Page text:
Trusting God seemed to be the overarching theme throughout camp for me. On the first or second day, I met two young boys that were unbelievers who I thought would be in my small group. My heart immediately went out to them and I decided I wanted to build a relationship with them. On the next day, I found out that the structure for organizing groups changed and I was now going to be in charge of the four oldest boys. This meant that I would not be leading the two I previously mentioned, they would be in Matt's (One of our other Texas leaders) group. Initially, I was confused by this and didn't understand why God would direct my heart towards them and then give them over to Matt. By the end of camp, these boys had accepted Christ into their hearts. And I realized once again that God was in control. God had a plan and he knew that Matt was the right man for the job. I was joyful to see the fruits of God's plan even though I merely got to witness it and not play an active role.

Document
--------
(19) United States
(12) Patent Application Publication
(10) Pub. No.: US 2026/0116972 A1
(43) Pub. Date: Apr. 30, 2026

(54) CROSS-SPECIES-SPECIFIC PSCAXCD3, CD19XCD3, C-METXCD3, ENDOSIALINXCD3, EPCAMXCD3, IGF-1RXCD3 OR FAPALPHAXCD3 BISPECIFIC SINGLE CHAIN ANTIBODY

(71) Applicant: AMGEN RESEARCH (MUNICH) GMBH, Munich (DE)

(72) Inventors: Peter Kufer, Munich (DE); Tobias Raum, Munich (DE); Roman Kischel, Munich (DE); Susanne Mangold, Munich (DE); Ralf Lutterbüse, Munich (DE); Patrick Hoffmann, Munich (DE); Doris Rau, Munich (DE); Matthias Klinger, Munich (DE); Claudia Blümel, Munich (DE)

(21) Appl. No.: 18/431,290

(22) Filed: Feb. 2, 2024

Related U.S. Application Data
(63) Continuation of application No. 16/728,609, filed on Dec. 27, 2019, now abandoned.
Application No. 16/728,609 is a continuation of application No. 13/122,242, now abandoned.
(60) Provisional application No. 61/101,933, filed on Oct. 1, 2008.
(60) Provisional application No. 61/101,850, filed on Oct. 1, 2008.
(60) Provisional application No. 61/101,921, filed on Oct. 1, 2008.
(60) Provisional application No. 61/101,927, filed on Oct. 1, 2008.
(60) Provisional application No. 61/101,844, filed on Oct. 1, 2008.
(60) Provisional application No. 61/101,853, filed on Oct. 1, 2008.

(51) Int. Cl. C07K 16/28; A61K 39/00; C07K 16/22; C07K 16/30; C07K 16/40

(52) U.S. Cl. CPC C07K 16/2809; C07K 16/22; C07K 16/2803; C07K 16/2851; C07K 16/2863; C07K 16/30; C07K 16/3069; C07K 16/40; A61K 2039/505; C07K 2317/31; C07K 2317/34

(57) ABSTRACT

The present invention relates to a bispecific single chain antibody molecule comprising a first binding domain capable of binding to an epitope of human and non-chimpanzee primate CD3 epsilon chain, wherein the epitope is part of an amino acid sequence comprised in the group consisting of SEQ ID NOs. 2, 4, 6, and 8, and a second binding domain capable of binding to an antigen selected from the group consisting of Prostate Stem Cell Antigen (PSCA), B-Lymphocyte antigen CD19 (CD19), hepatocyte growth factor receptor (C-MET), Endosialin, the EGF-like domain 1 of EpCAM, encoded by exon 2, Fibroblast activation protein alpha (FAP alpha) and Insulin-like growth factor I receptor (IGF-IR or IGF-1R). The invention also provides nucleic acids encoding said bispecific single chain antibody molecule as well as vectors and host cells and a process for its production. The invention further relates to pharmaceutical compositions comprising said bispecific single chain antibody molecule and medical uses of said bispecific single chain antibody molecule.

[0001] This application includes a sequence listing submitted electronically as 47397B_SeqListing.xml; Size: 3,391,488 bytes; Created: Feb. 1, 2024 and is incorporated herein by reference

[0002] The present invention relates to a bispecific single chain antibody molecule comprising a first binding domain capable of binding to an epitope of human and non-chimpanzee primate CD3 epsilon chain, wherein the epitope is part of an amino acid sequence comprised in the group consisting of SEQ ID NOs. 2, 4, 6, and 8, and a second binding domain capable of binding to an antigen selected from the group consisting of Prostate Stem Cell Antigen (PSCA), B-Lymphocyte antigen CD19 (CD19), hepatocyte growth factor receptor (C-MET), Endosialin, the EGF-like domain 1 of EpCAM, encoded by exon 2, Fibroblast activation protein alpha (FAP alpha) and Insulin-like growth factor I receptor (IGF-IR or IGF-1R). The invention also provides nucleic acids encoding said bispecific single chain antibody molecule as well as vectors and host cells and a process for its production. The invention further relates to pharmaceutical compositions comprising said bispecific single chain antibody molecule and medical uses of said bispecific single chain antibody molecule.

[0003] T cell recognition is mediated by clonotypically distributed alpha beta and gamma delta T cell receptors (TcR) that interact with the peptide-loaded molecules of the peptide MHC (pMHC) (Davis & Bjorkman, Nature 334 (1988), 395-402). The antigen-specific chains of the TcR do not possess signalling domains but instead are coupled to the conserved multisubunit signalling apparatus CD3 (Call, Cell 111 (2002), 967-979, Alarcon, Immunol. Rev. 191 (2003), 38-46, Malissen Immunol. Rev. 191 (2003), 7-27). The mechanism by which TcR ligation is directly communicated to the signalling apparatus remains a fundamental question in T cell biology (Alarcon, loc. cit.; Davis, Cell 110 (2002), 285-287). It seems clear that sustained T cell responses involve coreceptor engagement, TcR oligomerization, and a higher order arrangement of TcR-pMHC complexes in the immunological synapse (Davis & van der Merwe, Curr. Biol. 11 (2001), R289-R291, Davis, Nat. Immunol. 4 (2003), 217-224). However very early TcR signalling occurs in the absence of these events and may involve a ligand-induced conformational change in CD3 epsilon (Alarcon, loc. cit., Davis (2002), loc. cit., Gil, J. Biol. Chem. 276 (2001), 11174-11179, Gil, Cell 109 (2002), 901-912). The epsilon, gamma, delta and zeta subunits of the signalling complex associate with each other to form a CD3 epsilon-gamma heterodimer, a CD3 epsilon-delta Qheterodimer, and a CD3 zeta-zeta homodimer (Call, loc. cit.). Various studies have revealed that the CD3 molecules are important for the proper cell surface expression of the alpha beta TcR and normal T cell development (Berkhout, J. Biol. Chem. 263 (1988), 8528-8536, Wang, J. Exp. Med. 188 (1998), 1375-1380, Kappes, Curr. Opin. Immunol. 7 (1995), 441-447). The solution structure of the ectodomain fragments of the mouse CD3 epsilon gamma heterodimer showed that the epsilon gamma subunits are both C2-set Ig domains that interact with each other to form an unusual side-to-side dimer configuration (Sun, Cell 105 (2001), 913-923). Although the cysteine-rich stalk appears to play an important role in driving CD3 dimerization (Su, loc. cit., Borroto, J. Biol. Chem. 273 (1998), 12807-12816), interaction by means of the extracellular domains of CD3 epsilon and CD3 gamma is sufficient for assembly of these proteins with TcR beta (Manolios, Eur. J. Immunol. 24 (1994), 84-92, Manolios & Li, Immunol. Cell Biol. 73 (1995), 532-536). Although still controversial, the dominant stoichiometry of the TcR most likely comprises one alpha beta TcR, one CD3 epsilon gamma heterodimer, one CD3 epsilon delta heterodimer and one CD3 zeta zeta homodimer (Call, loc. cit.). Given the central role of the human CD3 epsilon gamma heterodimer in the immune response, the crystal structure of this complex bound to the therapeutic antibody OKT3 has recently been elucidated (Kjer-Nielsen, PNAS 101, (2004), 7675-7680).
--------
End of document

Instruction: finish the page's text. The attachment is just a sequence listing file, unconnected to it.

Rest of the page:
Leading up to the camp I was nervous about leading a group, sharing my testimony and delivering a message, mostly because of a lack of experience. I had my doubts. I wasn't sure if I was equipped or well prepared. Once again, God had other plans. He used camp to push me to follow through with all three of those tasks. Leading a small group of 16-17 year old boys was difficult regardless of the language barrier. Guys just don't want to share. I felt like our group was struggling through bible studies at camp, but we continued to bond over sports, games and activities. As those relationships grew, they slowly began opening up to me and we were able to have some real conversations. At the end of camp, I asked each of the 7 boys if they would like to stay in contact with me and that I would love to offer guidance, mentorship or just a friend from the states. God really blessed me as, to my surprise, they all agreed and I've been able to stay in contact with several of them.